Mental Health and Work Engagement as Predictors of Different Burnout Conceptualizations in a Multi-Occupational Sample from Latvia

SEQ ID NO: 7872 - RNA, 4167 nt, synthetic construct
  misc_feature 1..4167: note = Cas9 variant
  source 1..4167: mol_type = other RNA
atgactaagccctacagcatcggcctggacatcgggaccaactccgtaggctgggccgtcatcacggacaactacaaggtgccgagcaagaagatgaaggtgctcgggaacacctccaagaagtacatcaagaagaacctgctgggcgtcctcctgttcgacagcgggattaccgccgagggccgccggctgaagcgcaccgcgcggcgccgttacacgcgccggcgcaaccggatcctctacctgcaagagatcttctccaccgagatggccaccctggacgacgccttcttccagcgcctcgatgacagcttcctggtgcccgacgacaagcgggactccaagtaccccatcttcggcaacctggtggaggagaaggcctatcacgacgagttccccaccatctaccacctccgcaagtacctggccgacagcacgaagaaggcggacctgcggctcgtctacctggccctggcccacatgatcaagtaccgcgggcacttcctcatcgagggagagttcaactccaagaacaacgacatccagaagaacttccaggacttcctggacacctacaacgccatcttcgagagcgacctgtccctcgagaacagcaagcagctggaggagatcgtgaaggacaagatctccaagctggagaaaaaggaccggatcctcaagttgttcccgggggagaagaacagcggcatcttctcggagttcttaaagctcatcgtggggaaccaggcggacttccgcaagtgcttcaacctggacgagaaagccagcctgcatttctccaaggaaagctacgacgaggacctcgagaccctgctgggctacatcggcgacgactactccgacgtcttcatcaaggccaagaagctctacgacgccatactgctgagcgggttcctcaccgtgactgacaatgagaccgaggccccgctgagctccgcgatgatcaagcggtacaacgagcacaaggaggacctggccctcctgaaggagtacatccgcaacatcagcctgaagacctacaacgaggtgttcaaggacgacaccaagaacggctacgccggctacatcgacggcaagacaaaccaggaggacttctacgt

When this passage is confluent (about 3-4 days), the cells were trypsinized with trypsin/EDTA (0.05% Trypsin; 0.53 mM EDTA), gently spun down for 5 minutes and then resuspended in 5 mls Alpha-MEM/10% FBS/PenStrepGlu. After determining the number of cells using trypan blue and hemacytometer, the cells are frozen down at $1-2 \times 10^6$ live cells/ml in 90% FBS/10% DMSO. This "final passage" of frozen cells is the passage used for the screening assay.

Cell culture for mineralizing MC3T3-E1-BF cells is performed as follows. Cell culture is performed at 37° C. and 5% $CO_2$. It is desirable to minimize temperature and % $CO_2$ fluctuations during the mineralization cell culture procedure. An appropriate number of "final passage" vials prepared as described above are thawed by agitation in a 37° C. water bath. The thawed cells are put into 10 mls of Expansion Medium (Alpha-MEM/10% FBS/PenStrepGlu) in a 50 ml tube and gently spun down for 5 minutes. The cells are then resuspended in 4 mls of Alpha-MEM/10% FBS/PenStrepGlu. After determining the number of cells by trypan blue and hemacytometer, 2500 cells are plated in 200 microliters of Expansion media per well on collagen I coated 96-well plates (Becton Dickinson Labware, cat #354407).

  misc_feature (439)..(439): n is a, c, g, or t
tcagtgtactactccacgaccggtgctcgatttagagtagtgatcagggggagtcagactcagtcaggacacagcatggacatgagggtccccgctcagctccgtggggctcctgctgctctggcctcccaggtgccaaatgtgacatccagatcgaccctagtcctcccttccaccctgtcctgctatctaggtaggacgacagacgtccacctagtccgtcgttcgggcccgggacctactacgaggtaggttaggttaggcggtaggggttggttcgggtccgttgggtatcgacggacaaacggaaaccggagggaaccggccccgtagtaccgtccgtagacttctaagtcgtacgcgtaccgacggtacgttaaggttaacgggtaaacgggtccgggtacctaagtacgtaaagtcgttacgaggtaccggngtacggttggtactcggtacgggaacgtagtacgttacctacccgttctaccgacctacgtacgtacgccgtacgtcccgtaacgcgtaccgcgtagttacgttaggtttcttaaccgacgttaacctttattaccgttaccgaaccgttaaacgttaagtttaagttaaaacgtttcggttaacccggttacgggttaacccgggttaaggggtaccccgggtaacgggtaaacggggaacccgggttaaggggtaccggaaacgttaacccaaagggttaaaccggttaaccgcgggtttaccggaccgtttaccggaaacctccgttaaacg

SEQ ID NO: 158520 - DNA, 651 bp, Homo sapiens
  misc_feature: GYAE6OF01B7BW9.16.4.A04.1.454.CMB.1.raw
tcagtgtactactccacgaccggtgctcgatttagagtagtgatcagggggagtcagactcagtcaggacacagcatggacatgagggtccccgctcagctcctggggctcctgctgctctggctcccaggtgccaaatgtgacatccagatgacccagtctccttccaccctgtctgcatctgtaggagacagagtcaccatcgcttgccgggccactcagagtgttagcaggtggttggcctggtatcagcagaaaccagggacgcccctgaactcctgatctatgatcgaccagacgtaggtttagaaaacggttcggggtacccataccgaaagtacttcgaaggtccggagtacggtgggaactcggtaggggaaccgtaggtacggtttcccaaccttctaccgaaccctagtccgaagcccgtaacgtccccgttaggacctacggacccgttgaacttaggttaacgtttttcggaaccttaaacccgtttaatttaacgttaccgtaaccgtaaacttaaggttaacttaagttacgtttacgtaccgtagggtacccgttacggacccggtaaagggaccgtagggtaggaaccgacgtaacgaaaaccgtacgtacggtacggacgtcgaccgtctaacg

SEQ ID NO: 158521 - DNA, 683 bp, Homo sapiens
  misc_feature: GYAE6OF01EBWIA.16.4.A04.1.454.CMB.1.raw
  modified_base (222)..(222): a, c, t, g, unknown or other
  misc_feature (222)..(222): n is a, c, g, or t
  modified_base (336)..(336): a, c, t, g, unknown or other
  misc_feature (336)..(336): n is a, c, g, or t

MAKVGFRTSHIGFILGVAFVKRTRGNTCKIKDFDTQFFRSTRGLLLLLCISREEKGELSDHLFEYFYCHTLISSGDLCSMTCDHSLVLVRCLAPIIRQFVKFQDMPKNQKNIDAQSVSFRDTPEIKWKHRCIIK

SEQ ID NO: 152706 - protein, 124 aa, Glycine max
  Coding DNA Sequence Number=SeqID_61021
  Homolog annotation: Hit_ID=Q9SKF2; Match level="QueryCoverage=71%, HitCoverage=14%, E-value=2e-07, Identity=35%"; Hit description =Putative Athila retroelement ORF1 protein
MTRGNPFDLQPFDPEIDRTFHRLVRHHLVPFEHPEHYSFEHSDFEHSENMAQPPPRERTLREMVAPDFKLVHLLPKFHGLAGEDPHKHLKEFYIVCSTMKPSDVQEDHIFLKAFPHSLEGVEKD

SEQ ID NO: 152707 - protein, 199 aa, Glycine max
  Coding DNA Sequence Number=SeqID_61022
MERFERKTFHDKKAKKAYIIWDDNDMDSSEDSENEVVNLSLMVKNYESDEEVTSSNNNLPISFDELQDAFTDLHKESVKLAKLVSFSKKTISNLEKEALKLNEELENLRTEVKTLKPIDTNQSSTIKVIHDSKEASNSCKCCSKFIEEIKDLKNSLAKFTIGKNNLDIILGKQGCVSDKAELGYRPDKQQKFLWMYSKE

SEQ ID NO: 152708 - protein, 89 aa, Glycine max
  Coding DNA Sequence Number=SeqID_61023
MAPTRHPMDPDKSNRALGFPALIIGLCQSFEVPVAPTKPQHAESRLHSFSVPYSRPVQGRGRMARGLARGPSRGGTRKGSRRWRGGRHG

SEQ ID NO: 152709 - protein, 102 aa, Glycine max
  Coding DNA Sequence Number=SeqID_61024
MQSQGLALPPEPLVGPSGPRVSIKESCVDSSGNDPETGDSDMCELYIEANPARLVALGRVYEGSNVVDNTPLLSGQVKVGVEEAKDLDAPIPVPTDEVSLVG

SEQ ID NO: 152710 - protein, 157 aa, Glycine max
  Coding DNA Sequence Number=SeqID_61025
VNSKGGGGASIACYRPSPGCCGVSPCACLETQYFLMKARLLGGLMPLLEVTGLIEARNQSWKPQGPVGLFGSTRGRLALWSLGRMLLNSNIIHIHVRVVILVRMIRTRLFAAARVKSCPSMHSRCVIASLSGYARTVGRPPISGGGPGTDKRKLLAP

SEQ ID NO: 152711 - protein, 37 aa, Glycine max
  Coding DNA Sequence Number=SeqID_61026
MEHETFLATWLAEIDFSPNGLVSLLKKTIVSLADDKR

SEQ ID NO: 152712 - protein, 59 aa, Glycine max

The aim of the study was to investigate the role of mental health concepts (depression, anxiety, and stress) and work engagement in the prediction of burnout sub-variables in different conceptual models and which sub-variable they explain the most. It was assumed, that conceptualization of burnout subtypes could be more successful in the distinction of the burnout from other mental health phenomena compared to the well-known approach. A cross-sectional study among multi-occupational sample (N= 394) was conducted. A correlational and multivariative design was done. Depression, Anxiety and Stress Scales was used for measure depression, anxiety, and stress and Utrecht Work Engagement Scale for measure work engagement. Maslach Burnout Inventory General Survey and Burnout Clinical Subtype Questionnaire were used for burnout measures. Anxiety, work engagement, and stress were significant predictors of Frenetic subtype, Work engagement and depression explained Underchallenged subtype, depression, work engagement and anxiety explained Worn-Out, but all independent variables explained Exhaustion, in turn depression and work engagement predicted Cynicism and Professional efficacy. Sociodemographic factors were controlled. Work engagement had greater predictive value of the burnout in the Montero Marín model, but the mental health factors played a more dominant role in the Maslach model. The results indicate a greater role of depression in the classical burnout model.